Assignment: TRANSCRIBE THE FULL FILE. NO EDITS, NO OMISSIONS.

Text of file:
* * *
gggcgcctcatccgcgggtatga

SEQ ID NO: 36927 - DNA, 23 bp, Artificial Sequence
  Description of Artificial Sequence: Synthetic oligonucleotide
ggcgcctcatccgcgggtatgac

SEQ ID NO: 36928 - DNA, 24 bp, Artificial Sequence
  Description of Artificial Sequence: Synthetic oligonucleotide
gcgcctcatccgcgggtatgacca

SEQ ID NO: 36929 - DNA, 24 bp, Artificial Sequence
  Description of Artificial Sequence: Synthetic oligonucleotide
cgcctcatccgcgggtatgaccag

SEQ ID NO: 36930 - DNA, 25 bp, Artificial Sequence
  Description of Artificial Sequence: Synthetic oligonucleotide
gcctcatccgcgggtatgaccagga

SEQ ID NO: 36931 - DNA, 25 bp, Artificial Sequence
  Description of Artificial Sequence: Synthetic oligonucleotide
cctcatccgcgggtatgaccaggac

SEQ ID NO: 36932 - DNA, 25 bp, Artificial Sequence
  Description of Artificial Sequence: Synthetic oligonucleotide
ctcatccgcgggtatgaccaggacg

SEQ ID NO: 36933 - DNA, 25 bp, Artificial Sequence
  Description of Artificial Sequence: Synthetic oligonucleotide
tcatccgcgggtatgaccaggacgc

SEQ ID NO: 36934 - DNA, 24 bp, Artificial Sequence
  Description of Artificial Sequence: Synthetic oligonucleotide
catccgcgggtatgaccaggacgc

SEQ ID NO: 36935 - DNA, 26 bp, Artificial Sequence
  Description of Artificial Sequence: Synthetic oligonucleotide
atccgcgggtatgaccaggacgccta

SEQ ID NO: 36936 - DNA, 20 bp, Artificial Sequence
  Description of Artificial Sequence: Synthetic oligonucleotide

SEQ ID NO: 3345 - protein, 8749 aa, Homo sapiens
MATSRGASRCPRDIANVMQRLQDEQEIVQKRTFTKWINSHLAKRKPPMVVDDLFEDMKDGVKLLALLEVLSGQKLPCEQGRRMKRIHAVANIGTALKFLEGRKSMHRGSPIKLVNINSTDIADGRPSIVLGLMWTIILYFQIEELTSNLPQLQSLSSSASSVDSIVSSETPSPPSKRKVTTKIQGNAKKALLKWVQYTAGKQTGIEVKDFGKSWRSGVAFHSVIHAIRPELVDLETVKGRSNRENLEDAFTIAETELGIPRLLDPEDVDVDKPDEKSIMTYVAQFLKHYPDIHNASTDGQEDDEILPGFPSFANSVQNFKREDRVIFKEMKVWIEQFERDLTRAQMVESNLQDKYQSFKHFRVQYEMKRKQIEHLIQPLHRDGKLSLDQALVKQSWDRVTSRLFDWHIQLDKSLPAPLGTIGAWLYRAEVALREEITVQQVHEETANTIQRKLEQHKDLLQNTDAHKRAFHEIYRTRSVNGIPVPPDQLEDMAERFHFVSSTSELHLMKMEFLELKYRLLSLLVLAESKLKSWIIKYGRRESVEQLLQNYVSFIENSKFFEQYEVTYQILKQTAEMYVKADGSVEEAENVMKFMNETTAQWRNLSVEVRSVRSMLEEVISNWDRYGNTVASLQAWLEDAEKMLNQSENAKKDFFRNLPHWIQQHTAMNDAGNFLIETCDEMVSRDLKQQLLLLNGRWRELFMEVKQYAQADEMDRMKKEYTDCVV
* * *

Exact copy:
gggcgcctcatccgcgggtatga

SEQ ID NO: 36927 - DNA, 23 bp, Artificial Sequence
  Description of Artificial Sequence: Synthetic oligonucleotide
ggcgcctcatccgcgggtatgac

SEQ ID NO: 36928 - DNA, 24 bp, Artificial Sequence
  Description of Artificial Sequence: Synthetic oligonucleotide
gcgcctcatccgcgggtatgacca

SEQ ID NO: 36929 - DNA, 24 bp, Artificial Sequence
  Description of Artificial Sequence: Synthetic oligonucleotide
cgcctcatccgcgggtatgaccag

SEQ ID NO: 36930 - DNA, 25 bp, Artificial Sequence
  Description of Artificial Sequence: Synthetic oligonucleotide
gcctcatccgcgggtatgaccagga

SEQ ID NO: 36931 - DNA, 25 bp, Artificial Sequence
  Description of Artificial Sequence: Synthetic oligonucleotide
cctcatccgcgggtatgaccaggac

SEQ ID NO: 36932 - DNA, 25 bp, Artificial Sequence
  Description of Artificial Sequence: Synthetic oligonucleotide
ctcatccgcgggtatgaccaggacg

SEQ ID NO: 36933 - DNA, 25 bp, Artificial Sequence
  Description of Artificial Sequence: Synthetic oligonucleotide
tcatccgcgggtatgaccaggacgc

SEQ ID NO: 36934 - DNA, 24 bp, Artificial Sequence
  Description of Artificial Sequence: Synthetic oligonucleotide
catccgcgggtatgaccaggacgc

SEQ ID NO: 36935 - DNA, 26 bp, Artificial Sequence
  Description of Artificial Sequence: Synthetic oligonucleotide
atccgcgggtatgaccaggacgccta

SEQ ID NO: 36936 - DNA, 20 bp, Artificial Sequence
  Description of Artificial Sequence: Synthetic oligonucleotide

SEQ ID NO: 3345 - protein, 8749 aa, Homo sapiens
MATSRGASRCPRDIANVMQRLQDEQEIVQKRTFTKWINSHLAKRKPPMVVDDLFEDMKDGVKLLALLEVLSGQKLPCEQGRRMKRIHAVANIGTALKFLEGRKSMHRGSPIKLVNINSTDIADGRPSIVLGLMWTIILYFQIEELTSNLPQLQSLSSSASSVDSIVSSETPSPPSKRKVTTKIQGNAKKALLKWVQYTAGKQTGIEVKDFGKSWRSGVAFHSVIHAIRPELVDLETVKGRSNRENLEDAFTIAETELGIPRLLDPEDVDVDKPDEKSIMTYVAQFLKHYPDIHNASTDGQEDDEILPGFPSFANSVQNFKREDRVIFKEMKVWIEQFERDLTRAQMVESNLQDKYQSFKHFRVQYEMKRKQIEHLIQPLHRDGKLSLDQALVKQSWDRVTSRLFDWHIQLDKSLPAPLGTIGAWLYRAEVALREEITVQQVHEETANTIQRKLEQHKDLLQNTDAHKRAFHEIYRTRSVNGIPVPPDQLEDMAERFHFVSSTSELHLMKMEFLELKYRLLSLLVLAESKLKSWIIKYGRRESVEQLLQNYVSFIENSKFFEQYEVTYQILKQTAEMYVKADGSVEEAENVMKFMNETTAQWRNLSVEVRSVRSMLEEVISNWDRYGNTVASLQAWLEDAEKMLNQSENAKKDFFRNLPHWIQQHTAMNDAGNFLIETCDEMVSRDLKQQLLLLNGRWRELFMEVKQYAQADEMDRMKKEYTDCVV